The Mount Greylock Regional School District will be presenting its Statement of Interest to the School Building Authority this fall. Above, the sprung seats in the school auditorium are just one of the issues at the 50-year-old school
WILLIAMSTOWN, Mass. — The state School Building Authority will determine in the coming months whether to pass the plan for a new Mount Greylock Regional High School on to the next phase.
The school district's Statement of Interest is expected to be presented to the authority's board of directors on either Oct. 3 or Nov. 14. The agendas for those meetings are not yet available.
"We felt we did a well-prepared presentation," Ellis told the School Committee on Tuesday night as part of an update on district news over the summer. "They wanted to know our political and financial support, which we shared with them.
"We feel that even though we're in challenging economic times that people recognize that Mount Greylock needs replacement."
The school, estimated at $40 million to $50 million based on similar projects, is one of a number of capital projects Williamstown is discussing. The town's Finance Committee was meeting Thursday night with representatives from other boards to prioritize the list.
If approved, the school would move into a new step created by the MSBA, the "eligibility phase," which is designed to help the state agency manage funding resources and for the school districts to gauge local support.
Ellis said her perception was that the 270-day eligibility phase was to ensure school districts were able and prepared before moving on to a feasibility study.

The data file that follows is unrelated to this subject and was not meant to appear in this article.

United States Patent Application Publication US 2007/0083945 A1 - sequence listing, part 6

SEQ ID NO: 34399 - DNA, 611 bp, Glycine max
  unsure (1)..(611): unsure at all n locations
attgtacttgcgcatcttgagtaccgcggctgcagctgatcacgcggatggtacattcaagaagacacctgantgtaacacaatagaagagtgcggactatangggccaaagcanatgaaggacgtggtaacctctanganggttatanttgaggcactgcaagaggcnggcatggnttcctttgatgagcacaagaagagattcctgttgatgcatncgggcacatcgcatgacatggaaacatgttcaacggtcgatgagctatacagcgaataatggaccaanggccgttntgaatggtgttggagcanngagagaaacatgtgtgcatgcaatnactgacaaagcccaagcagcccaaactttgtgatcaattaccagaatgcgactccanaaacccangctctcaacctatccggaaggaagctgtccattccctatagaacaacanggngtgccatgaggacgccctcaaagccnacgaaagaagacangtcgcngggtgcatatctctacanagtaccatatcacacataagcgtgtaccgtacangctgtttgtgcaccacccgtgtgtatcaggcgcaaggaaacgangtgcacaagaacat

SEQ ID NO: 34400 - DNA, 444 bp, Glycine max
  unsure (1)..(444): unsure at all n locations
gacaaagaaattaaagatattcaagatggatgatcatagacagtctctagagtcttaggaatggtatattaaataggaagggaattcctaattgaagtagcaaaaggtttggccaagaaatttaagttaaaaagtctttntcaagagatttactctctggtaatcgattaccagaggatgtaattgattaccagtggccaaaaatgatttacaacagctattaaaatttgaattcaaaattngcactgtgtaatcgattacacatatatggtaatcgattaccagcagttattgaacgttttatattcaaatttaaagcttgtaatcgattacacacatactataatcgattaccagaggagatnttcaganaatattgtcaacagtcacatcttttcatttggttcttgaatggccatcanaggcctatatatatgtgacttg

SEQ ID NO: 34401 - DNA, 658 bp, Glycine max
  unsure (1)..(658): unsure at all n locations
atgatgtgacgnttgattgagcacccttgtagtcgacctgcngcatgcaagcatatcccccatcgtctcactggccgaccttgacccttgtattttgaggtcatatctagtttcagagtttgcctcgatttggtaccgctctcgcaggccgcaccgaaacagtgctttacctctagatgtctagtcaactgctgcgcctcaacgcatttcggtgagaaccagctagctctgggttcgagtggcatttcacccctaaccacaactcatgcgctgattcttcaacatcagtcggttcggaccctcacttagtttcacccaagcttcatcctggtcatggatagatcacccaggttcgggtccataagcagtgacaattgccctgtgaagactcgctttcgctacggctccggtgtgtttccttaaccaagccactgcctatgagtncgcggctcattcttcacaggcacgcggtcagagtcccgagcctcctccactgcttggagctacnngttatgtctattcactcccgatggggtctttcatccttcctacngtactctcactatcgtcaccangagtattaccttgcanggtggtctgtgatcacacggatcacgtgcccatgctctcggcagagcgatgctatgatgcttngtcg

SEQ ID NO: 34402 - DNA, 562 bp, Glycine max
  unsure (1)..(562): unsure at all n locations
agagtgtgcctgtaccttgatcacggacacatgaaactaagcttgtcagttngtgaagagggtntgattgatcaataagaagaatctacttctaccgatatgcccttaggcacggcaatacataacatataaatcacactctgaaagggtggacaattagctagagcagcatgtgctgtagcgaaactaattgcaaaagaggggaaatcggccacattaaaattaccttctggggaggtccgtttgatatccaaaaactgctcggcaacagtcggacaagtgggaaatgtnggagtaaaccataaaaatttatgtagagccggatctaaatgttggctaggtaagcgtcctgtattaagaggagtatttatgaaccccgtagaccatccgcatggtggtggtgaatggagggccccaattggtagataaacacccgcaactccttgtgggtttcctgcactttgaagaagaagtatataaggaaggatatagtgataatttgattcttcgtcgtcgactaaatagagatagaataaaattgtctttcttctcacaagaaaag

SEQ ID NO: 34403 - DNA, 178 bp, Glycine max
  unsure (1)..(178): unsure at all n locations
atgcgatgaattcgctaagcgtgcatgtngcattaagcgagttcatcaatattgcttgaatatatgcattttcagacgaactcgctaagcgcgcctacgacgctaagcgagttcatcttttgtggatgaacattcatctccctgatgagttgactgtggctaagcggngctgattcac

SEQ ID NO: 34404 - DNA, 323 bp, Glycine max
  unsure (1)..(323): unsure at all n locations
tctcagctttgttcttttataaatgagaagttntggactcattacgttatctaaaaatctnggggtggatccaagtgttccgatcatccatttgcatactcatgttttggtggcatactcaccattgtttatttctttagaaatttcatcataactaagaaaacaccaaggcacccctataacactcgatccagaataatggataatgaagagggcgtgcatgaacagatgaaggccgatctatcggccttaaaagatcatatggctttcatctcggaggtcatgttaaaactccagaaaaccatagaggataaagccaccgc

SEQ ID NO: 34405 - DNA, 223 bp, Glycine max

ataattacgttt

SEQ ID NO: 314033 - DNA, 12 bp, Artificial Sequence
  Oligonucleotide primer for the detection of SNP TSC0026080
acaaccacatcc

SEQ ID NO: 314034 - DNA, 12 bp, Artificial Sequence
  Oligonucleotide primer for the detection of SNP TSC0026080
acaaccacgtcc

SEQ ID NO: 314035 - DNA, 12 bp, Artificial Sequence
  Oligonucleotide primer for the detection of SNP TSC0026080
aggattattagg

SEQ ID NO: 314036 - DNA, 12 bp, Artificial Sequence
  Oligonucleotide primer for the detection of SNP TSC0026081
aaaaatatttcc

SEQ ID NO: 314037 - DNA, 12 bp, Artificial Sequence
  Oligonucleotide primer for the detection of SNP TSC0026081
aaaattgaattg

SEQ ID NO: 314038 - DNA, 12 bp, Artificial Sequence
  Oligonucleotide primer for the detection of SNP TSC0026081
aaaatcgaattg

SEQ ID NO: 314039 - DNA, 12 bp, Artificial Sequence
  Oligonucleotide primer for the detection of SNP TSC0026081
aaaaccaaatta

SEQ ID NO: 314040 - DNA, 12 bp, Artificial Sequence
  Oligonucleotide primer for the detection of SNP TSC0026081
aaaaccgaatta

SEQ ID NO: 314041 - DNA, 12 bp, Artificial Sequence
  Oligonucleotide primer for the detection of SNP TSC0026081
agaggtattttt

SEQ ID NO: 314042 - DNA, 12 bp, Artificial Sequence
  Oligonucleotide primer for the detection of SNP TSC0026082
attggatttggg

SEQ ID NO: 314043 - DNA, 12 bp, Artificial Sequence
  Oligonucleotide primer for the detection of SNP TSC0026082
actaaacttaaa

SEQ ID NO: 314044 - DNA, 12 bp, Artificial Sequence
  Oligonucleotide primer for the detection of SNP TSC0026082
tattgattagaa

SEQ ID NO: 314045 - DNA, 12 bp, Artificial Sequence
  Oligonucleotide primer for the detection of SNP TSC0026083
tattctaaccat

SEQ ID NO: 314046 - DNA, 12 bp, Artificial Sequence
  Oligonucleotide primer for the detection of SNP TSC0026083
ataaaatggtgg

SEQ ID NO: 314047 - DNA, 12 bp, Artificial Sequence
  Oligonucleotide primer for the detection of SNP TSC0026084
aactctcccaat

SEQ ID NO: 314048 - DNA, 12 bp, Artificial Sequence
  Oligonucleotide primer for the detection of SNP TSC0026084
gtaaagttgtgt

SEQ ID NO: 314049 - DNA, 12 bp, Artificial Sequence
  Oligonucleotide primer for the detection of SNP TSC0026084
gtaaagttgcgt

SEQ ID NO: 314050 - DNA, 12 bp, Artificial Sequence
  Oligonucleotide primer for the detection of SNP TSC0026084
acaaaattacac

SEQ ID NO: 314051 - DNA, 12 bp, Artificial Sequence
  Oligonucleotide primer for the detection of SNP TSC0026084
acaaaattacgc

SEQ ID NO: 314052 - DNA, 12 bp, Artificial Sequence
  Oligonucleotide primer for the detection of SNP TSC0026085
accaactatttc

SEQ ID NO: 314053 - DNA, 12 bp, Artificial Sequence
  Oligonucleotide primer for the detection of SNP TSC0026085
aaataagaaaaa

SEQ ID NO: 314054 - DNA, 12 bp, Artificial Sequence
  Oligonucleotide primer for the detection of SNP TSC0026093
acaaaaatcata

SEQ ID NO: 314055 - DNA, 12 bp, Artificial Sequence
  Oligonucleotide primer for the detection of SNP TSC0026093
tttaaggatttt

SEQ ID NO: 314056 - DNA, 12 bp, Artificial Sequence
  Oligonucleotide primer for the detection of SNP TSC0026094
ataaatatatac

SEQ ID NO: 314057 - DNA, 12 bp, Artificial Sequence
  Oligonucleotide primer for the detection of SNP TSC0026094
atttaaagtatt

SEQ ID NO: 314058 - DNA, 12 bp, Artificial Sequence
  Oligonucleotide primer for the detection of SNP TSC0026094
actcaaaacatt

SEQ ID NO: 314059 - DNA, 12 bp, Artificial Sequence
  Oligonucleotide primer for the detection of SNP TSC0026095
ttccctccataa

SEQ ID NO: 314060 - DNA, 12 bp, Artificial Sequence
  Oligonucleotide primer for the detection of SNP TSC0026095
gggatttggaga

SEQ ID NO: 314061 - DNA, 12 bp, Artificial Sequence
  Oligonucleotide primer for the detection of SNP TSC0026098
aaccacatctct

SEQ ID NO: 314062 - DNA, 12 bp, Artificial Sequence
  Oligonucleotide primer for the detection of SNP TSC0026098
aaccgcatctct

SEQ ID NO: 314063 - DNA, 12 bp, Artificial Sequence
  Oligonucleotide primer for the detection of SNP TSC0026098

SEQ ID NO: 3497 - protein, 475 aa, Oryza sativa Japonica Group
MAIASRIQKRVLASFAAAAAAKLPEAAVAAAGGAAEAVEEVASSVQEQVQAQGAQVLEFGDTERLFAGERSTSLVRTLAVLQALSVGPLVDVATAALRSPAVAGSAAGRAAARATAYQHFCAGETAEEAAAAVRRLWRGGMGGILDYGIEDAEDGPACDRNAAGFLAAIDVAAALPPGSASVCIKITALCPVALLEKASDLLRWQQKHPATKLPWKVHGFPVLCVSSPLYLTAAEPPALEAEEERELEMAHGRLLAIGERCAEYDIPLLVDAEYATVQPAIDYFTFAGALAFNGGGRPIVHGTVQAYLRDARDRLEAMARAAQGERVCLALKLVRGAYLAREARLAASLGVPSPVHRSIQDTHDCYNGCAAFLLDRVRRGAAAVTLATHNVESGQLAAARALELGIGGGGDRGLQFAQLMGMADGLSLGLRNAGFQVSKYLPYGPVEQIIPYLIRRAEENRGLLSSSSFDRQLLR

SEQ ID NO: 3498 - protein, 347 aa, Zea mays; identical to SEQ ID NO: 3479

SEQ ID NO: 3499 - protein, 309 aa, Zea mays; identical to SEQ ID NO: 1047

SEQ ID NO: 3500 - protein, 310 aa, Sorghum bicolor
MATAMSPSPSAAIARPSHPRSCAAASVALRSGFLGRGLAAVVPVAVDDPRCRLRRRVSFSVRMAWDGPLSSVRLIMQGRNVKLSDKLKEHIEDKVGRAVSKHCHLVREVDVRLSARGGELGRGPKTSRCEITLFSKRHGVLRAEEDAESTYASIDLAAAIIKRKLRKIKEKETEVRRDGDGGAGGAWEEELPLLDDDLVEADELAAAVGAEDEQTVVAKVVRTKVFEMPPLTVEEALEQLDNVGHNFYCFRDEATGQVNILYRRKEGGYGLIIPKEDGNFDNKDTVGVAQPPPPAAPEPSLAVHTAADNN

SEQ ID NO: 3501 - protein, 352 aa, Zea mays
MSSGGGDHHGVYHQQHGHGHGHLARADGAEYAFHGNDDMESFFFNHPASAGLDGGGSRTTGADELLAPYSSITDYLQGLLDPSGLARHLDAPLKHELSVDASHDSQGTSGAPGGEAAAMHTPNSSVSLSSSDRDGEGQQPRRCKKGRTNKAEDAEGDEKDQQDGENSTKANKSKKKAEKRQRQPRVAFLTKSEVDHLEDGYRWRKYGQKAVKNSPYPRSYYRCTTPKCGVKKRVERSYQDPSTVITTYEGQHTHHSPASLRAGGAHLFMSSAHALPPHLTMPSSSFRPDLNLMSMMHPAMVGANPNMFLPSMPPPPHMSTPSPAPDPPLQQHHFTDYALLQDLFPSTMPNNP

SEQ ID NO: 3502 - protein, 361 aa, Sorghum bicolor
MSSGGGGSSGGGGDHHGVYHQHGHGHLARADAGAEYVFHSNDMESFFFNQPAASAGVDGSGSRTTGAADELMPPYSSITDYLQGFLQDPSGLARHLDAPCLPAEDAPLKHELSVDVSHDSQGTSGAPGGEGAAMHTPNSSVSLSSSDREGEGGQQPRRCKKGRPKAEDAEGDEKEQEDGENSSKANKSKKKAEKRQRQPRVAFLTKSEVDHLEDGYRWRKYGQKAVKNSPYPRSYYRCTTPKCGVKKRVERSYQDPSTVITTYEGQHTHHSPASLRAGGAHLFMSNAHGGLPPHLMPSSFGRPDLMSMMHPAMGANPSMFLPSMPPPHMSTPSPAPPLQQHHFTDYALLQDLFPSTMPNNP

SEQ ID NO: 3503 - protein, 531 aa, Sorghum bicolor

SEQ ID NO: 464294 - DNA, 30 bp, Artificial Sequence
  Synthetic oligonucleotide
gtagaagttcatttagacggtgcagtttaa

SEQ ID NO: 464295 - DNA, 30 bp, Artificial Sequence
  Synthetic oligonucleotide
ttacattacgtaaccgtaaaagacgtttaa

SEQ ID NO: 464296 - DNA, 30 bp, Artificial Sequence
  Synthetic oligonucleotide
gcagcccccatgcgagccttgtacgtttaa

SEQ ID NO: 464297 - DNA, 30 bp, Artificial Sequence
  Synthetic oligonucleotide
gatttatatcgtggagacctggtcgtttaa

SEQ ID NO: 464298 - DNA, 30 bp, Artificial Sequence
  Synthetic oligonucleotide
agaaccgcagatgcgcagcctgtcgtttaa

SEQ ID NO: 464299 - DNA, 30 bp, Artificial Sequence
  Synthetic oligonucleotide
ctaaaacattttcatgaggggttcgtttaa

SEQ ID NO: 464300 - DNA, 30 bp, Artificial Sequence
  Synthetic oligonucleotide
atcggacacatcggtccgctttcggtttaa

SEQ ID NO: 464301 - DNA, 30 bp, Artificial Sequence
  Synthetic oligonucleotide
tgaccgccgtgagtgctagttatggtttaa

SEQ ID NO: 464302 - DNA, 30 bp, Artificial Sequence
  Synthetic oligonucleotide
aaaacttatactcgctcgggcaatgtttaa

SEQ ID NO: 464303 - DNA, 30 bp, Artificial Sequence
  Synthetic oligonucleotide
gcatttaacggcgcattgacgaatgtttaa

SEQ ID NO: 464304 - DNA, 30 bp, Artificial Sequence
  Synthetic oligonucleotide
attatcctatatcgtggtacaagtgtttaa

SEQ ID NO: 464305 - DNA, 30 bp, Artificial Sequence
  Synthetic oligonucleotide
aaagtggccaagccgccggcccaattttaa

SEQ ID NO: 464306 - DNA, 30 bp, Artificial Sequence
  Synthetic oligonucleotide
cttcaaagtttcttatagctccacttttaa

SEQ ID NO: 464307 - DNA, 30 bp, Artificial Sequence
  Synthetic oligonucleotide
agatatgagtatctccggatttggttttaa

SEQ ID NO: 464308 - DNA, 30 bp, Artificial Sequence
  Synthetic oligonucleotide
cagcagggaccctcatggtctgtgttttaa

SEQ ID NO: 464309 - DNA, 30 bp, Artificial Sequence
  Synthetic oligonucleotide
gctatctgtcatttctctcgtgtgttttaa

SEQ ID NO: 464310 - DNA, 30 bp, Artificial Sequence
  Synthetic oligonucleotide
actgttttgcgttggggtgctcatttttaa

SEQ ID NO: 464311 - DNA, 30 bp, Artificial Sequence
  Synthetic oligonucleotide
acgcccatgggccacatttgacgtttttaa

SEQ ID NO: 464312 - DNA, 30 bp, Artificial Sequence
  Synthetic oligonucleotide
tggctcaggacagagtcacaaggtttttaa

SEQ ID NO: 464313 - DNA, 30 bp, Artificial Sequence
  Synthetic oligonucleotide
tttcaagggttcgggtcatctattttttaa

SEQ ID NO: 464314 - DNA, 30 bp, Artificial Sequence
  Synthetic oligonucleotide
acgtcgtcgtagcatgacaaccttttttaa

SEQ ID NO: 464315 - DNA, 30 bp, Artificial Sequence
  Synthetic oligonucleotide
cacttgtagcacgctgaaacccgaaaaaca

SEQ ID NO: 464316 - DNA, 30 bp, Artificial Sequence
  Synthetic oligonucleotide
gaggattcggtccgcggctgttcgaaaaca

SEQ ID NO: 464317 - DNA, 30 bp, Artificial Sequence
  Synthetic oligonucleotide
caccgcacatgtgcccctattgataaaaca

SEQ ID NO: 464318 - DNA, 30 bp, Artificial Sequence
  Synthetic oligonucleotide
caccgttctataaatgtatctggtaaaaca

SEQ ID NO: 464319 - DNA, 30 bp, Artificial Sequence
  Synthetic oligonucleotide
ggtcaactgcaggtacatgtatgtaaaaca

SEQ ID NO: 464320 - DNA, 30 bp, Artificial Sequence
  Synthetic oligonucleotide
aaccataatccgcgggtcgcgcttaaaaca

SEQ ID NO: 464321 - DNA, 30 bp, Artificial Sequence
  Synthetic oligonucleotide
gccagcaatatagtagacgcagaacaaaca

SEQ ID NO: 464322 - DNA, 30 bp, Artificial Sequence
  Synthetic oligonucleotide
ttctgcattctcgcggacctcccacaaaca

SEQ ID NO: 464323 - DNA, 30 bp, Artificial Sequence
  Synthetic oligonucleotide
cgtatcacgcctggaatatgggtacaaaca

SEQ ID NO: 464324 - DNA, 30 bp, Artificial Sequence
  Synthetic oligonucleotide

According to the MSBA's website, school districts are required to establish and submit for acceptance a school building committee; complete certification denoting they understand the grant program rules and a design enrollment for the project; summarize the district's funding capacities and maintenance practices; confirm they have community support and funding; and execute a standard feasibility study agreement.
"The eligibility phase is for the community buy-in," said committee member David Langston.
Ellis said that was correct, but warned there was no guarantee that the SBA would continue to work with the school past the eligibility phase.
"If we don't have our ducks in a row, if we have any problems they'll say, 'we'll get back to you.'"
The school district is also expecting to apply for a regionalization grant, which could mean more points to the school project.
"The regionalization effort can inform the MSBA reimbursement to the town," said Ellis. "Actually, I think the highest percentage points are given to towns that move in that direction."
The Mount Greylock district is comprised of middle and high school students from Lanesborough and Williamstown but has an agreements with School Union 71 (Williamstown and Lanesborough elementary schools). Ellis is superintendent of all three schools as the Williamstown-Lanesborough Public Schools.
"They will give us the nod yes, we can move into the eligibility phase or no, come back with your SOI next year," said Ellis.
Still, she pointed out next year is January, which isn't so far away: "Keep a short view, we're not giving up on this."
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